And then it hit me, suddenly and unexpectedly, when I was in that hazy shadow space right before falling asleep two nights ago. The character was supposed to be a girl.

The thought passed in and out of my head quickly, but still it felt certain, right. I thought it over for a brief second and then promptly fell asleep.

The next day when I sat down to write, I stared at the story in front of me. And then I began to type, jumping right back into the middle of things, changing the name of the character and the ‘him’ to ‘her’ without going back and revising, just doing it. And suddenly, everything started flowing.

It was such a strange experience. The other characters in the story suddenly seemed more comfortable. Everyone could talk with more ease. They were learning from each other where before they were simply going through the motions. I wondered briefly if this is what authors meant when they say that their characters sometimes take on a life of their own. I wasn’t forcing them to do things anymore; they were speaking for themselves, they were helping things move towards an end goal.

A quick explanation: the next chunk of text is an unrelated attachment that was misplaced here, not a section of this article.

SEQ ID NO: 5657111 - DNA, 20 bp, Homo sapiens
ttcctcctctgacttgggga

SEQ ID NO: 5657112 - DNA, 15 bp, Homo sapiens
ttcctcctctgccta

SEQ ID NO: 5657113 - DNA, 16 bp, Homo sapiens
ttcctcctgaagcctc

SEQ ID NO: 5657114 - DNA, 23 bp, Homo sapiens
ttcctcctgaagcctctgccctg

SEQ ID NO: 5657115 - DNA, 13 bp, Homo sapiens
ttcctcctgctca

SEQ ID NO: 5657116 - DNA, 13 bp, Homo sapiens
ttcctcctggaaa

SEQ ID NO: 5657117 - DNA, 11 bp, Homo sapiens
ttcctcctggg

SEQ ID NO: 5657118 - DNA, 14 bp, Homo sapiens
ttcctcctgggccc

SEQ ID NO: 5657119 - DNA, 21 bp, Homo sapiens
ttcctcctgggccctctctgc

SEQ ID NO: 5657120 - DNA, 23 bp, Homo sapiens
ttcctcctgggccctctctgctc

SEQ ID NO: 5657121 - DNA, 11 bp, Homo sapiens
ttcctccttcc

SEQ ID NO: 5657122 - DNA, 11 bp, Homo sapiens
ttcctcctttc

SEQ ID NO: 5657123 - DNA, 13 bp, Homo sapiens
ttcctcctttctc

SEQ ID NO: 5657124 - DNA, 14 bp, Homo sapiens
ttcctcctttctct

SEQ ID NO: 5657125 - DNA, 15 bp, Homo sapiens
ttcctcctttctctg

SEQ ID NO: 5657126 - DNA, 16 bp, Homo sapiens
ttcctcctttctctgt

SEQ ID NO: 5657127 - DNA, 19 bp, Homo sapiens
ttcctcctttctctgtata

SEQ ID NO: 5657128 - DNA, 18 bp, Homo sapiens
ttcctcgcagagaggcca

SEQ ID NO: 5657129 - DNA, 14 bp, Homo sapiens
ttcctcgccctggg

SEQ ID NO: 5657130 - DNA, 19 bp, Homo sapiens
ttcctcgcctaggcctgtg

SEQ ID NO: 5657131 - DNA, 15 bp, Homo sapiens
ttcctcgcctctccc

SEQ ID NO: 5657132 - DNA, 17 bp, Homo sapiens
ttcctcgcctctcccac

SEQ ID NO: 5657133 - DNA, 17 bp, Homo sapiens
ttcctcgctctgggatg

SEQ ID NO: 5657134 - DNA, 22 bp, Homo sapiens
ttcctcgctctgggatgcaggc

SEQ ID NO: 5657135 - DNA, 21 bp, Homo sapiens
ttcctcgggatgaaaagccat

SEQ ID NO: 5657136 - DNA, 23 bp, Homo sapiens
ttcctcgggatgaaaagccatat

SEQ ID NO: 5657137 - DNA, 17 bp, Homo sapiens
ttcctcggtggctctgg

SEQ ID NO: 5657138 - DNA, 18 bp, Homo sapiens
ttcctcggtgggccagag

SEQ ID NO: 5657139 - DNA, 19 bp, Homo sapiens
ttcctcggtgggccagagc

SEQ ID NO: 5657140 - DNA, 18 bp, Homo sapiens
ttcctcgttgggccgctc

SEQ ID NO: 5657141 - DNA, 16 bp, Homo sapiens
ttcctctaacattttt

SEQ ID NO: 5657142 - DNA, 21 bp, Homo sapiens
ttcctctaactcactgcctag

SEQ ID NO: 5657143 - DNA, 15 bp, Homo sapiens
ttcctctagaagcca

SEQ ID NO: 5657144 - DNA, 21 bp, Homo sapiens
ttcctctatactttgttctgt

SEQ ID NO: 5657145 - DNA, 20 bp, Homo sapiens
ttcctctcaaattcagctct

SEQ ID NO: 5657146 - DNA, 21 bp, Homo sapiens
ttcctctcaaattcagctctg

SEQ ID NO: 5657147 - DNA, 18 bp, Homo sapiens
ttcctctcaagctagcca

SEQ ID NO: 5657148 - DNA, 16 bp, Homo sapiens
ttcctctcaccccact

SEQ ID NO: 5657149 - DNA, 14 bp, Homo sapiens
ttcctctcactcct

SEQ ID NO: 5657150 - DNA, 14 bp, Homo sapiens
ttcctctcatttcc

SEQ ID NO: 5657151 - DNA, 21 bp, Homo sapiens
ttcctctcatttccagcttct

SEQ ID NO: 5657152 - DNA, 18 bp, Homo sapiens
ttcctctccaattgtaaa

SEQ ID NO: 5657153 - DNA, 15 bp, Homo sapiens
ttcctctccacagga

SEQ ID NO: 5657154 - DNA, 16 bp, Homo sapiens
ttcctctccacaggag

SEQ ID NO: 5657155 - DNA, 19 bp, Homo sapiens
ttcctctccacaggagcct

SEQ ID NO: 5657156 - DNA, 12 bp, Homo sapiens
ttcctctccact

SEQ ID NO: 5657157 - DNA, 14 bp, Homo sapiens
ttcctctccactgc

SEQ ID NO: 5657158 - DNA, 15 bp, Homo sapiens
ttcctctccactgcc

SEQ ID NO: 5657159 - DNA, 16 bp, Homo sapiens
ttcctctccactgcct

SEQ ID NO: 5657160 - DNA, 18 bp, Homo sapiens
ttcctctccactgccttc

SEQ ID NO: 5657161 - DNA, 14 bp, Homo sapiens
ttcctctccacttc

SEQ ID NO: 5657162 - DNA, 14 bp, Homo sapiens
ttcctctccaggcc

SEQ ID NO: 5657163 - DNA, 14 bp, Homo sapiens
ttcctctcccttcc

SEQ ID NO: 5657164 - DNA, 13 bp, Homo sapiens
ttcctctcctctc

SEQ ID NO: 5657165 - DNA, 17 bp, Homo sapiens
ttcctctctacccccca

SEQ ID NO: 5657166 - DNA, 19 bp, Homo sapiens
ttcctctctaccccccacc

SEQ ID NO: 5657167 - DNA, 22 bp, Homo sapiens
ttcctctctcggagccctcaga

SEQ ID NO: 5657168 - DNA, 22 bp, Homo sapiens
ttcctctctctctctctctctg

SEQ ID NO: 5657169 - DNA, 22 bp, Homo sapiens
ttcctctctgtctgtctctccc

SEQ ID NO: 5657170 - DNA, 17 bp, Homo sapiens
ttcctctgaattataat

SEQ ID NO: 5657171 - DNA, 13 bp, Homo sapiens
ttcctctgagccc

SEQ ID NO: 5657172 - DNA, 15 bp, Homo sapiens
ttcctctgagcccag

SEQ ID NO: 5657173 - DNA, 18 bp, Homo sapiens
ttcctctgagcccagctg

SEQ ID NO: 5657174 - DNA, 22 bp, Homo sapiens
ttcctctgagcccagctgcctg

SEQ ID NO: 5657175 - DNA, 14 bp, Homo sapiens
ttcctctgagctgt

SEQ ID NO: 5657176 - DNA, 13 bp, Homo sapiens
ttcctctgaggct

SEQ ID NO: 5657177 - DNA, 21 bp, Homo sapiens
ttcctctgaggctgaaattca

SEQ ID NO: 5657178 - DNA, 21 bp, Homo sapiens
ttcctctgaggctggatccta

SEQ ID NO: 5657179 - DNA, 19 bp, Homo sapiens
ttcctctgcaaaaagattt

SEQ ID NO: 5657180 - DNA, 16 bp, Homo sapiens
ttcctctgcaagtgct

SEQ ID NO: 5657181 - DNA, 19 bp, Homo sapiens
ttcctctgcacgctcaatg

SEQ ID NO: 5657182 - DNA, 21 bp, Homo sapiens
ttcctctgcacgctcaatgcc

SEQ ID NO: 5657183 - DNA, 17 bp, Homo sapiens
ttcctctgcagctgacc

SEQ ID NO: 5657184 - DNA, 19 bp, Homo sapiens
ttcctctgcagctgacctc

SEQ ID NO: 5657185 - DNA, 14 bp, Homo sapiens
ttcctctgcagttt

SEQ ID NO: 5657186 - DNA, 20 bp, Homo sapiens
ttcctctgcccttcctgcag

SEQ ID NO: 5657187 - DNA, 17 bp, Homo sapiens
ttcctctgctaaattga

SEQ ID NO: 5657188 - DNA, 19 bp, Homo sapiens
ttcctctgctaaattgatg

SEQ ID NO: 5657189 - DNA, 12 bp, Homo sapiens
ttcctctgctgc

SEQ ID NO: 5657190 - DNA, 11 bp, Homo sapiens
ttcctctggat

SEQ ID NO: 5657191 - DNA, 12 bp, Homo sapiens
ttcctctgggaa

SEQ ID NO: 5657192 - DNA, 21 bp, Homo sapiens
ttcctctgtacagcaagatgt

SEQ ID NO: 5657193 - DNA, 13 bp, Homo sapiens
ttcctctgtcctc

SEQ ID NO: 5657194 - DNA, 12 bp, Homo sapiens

And then I hit the end. Boom, finished. Two weeks of trying to write a simple short story and all it took was changing the ‘he’ to a ‘she’ to give it motion.

I feel crazypants now that I’m writing the experience down, but that’s how it felt. And I think what I can learn from this is to sometimes let my gut and the sleepy, quiet part of my mind do the thinking. I was trying to jam all the pieces together and make them fit, but I think sometimes you can’t hulk-smash fiction. Yeah, I have to be strict and diligent with myself if I want to get anything done, but it’s okay to let in a little bit of the koala-brain. You know, since koalas are sleepy little things, chomping slowly on eucalyptus leaves with half-closed eyes. Koala-brain was all like, ‘yo, baby. s’okay. You know how you’re falling asleep right now? How you all sleepy and fuzzy right now? Here, I’m gonna sneak this idea in while you are in this state. Nom nom. Eucalyptus.”

And on that note, I leave. Because I’ve hung my crazypants up on the line to dry and the whooooole world can see it now.